Cantillon: Two strategies but which Reit is wrong?

Two real estate investment trusts appear to be developing contrasting approaches

At the recent Hibernia Reit AGM: chief executive Kevin Nowlan,  chief financial officer Tom Edwards Moss and chairman Daniel Kitchen.  Photograph: Aidan Crawley

At the recent Hibernia Reit AGM: chief executive Kevin Nowlan, chief financial officer Tom Edwards Moss and chairman Daniel Kitchen. Photograph: Aidan Crawley

 

Despite operating the same business in more or less the same market, the stock exchange’s two main real estate investment trusts – Reit – appear to be developing contrasting approaches.

Green Reit said in a management statement yesterday that it would be selective about new acquisitions and would buy only on the basis that the property fits its strategy and boosts its value. Chairman Gary Kennedy noted that it would keep its debt-to-asset ratio “prudent”.

The tone more or less echoed that of September’s full-year statement, when the company made it clear it was shifting focus from buying properties to managing and developing what it has.

In fact, at that time, it all but ruled out adding to its existing portfolio in the near future.

By contrast, Hibernia Reit, which published interims just days ago, has agreed a new €400 million, five-year loan with its banks and plans to remain very much in the hunt for new acquisitions, with a particular focus on Dublin’s central business district.

There are differences between the two: Green was first out of the traps, floating six months before Hibernia; Green has one property outside Dublin, Hibernia is unlikely to stray outside the capital.

However, the similarities, right down to structure and regulation, far outweigh these, so why the contrast?

The answer is that their managements have different views of the same thing: the Dublin office market.

This is where both have their biggest exposures. Hibernia’s Kevin Nowlan (pictured) said last week that potential tenants are seeking three million sq ft in office space in Dublin, but there is just 2.5 million sq ft under construction.

In September, Green’s Pat Gunne said that the city could be facing oversupply from 2018.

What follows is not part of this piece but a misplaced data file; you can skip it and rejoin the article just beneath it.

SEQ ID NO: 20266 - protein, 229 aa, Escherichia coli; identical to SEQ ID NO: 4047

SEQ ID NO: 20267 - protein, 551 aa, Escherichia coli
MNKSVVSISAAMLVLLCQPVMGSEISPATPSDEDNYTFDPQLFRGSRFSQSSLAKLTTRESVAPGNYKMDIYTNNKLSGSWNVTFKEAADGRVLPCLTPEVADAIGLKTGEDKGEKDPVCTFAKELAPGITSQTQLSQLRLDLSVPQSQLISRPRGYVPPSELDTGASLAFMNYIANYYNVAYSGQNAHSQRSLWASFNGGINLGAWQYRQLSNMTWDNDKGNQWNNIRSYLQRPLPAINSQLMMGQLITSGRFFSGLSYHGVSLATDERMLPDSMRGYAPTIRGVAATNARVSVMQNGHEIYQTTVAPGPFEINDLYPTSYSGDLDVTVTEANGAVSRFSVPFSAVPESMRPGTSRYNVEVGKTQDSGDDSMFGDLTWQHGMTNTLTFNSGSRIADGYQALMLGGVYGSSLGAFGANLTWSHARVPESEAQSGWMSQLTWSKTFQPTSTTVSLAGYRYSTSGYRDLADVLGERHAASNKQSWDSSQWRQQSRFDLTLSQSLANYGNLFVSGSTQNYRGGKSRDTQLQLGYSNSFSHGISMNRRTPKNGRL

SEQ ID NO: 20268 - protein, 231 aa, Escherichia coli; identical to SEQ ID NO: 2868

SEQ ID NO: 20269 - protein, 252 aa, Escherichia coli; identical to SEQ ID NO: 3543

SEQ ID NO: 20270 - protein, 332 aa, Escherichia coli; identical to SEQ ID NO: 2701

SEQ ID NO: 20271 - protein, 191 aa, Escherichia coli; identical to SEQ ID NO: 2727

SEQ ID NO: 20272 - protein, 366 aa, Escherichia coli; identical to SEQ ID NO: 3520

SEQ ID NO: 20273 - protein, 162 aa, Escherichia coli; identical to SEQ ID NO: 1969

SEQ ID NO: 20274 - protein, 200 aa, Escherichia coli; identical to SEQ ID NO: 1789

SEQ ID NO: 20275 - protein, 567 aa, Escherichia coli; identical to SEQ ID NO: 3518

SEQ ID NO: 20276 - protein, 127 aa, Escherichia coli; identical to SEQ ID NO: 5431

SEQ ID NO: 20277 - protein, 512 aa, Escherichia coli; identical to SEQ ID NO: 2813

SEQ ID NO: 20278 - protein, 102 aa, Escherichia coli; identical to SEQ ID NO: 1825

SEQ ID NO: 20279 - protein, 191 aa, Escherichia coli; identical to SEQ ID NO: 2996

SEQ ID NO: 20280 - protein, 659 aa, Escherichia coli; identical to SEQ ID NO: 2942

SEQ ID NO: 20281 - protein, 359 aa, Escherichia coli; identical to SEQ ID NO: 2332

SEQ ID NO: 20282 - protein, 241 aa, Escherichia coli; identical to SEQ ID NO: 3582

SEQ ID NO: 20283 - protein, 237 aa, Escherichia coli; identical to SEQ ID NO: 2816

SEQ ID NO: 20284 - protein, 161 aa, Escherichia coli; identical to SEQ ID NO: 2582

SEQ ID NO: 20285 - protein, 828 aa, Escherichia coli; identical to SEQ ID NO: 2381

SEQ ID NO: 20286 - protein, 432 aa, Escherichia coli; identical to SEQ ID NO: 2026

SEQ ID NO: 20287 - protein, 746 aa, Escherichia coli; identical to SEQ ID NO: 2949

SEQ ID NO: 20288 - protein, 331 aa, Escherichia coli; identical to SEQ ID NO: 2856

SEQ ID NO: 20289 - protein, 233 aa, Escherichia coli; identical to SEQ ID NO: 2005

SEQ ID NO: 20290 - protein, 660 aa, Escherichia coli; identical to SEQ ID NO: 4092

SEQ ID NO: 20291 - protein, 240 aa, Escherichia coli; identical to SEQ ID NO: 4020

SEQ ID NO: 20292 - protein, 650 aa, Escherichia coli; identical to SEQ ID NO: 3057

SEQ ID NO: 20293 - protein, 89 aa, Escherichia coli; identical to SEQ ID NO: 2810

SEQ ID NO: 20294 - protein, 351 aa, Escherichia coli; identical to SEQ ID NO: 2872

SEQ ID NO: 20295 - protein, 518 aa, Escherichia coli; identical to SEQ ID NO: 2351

Only time will tell which is correct but for now their approaches mean that one is a useful hedge against the other. After all, the two Reits can’t be wrong.

The Irish Times Logo
Commenting on The Irish Times has changed. To comment you must now be an Irish Times subscriber.
SUBSCRIBE
GO BACK
Error Image
The account details entered are not currently associated with an Irish Times subscription. Please subscribe to sign in to comment.
Comment Sign In

Forgot password?
The Irish Times Logo
Thank you
You should receive instructions for resetting your password. When you have reset your password, you can Sign In.
The Irish Times Logo
Please choose a screen name. This name will appear beside any comments you post. Your screen name should follow the standards set out in our community standards.
Screen Name Selection

Hello

Please choose a screen name. This name will appear beside any comments you post. Your screen name should follow the standards set out in our community standards.

The Irish Times Logo
Commenting on The Irish Times has changed. To comment you must now be an Irish Times subscriber.
SUBSCRIBE
Forgot Password
Please enter your email address so we can send you a link to reset your password.

Sign In

Your Comments
We reserve the right to remove any content at any time from this Community, including without limitation if it violates the Community Standards. We ask that you report content that you in good faith believe violates the above rules by clicking the Flag link next to the offending comment or by filling out this form. New comments are only accepted for 3 days from the date of publication.